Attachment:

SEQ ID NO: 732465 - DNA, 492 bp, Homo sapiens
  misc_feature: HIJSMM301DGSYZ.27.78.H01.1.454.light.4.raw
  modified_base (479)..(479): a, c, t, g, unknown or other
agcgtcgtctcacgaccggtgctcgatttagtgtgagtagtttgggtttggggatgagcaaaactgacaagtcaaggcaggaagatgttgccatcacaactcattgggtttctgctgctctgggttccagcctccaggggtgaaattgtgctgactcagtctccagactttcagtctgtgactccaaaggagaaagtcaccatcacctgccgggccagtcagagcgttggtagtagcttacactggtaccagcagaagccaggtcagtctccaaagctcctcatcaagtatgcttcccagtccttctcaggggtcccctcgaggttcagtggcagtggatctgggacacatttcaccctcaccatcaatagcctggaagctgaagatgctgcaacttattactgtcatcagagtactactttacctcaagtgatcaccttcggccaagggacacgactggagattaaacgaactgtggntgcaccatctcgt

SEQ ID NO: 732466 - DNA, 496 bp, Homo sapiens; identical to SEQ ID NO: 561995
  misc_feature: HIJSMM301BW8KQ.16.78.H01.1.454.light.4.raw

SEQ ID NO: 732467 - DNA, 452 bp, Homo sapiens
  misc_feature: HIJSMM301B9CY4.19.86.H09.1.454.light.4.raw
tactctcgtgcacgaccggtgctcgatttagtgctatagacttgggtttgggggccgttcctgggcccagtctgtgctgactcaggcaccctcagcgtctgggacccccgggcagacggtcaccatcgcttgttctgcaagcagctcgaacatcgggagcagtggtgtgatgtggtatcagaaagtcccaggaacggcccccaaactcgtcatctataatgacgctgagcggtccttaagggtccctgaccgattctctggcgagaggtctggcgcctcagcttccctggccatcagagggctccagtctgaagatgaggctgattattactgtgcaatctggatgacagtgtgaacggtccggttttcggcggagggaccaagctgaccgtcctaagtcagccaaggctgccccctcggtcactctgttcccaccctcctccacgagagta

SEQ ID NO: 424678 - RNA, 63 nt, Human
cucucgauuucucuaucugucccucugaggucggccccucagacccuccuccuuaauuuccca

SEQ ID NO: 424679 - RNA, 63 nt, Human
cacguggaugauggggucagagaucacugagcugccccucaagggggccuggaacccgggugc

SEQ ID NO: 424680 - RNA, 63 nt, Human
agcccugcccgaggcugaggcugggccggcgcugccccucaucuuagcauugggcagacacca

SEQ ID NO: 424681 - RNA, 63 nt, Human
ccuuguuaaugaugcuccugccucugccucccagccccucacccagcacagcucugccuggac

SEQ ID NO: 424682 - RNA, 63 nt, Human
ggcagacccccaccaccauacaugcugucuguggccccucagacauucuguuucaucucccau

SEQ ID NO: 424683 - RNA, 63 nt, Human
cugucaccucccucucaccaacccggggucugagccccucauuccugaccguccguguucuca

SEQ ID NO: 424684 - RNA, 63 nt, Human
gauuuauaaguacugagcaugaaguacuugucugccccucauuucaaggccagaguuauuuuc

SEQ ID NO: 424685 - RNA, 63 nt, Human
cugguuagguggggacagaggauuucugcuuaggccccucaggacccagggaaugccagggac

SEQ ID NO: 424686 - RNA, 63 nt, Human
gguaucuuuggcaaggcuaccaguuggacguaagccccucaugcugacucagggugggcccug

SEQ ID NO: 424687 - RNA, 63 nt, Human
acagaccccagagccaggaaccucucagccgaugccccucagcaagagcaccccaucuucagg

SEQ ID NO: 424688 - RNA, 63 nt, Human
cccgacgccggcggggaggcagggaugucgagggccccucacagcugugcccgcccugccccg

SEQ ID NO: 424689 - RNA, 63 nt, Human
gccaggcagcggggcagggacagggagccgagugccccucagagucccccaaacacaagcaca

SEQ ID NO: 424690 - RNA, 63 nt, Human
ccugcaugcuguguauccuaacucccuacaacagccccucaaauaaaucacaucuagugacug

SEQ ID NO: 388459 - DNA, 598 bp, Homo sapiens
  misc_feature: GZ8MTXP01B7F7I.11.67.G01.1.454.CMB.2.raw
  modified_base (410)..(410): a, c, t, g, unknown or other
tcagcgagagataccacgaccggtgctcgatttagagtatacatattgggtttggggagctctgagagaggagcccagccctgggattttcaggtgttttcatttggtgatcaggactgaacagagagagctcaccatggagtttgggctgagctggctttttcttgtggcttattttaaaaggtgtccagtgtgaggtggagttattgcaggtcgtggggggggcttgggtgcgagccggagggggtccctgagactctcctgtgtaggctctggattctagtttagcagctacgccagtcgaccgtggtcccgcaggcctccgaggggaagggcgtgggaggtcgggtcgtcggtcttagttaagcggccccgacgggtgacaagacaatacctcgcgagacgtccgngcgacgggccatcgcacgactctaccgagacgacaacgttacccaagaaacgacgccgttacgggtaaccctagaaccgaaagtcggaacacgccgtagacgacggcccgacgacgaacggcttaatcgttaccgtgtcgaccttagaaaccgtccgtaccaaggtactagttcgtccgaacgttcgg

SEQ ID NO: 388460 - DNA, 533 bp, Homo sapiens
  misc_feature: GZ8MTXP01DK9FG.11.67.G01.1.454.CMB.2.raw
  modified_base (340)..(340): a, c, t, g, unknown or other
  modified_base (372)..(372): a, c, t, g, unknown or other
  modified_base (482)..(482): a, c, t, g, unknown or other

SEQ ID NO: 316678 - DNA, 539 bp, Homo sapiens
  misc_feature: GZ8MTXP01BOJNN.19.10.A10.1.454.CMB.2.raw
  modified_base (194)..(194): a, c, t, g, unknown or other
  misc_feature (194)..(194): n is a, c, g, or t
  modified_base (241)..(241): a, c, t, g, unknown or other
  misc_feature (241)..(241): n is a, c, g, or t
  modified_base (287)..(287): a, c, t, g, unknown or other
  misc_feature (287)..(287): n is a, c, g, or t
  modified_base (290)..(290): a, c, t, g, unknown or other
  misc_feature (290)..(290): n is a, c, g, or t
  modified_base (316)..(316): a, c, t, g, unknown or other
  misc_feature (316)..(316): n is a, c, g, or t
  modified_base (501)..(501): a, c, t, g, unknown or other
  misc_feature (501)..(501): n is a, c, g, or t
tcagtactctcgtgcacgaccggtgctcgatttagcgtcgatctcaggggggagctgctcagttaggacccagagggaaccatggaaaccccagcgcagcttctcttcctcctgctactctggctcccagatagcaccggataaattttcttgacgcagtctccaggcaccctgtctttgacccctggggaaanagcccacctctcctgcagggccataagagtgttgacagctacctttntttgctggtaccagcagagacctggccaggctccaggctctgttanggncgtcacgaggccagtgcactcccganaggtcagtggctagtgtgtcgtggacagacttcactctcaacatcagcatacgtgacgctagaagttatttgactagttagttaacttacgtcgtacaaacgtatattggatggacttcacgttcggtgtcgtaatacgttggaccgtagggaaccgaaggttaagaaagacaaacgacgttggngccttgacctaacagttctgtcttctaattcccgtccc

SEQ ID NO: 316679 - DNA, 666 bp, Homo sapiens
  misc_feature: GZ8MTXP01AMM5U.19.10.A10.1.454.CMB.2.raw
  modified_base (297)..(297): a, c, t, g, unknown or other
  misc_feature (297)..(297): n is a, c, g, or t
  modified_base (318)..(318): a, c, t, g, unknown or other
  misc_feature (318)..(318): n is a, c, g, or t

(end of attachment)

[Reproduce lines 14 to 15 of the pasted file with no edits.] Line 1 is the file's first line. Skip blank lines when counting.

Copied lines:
SEQ ID NO: 424680 - RNA, 63 nt, Human
agcccugcccgaggcugaggcugggccggcgcugccccucaucuuagcauugggcagacacca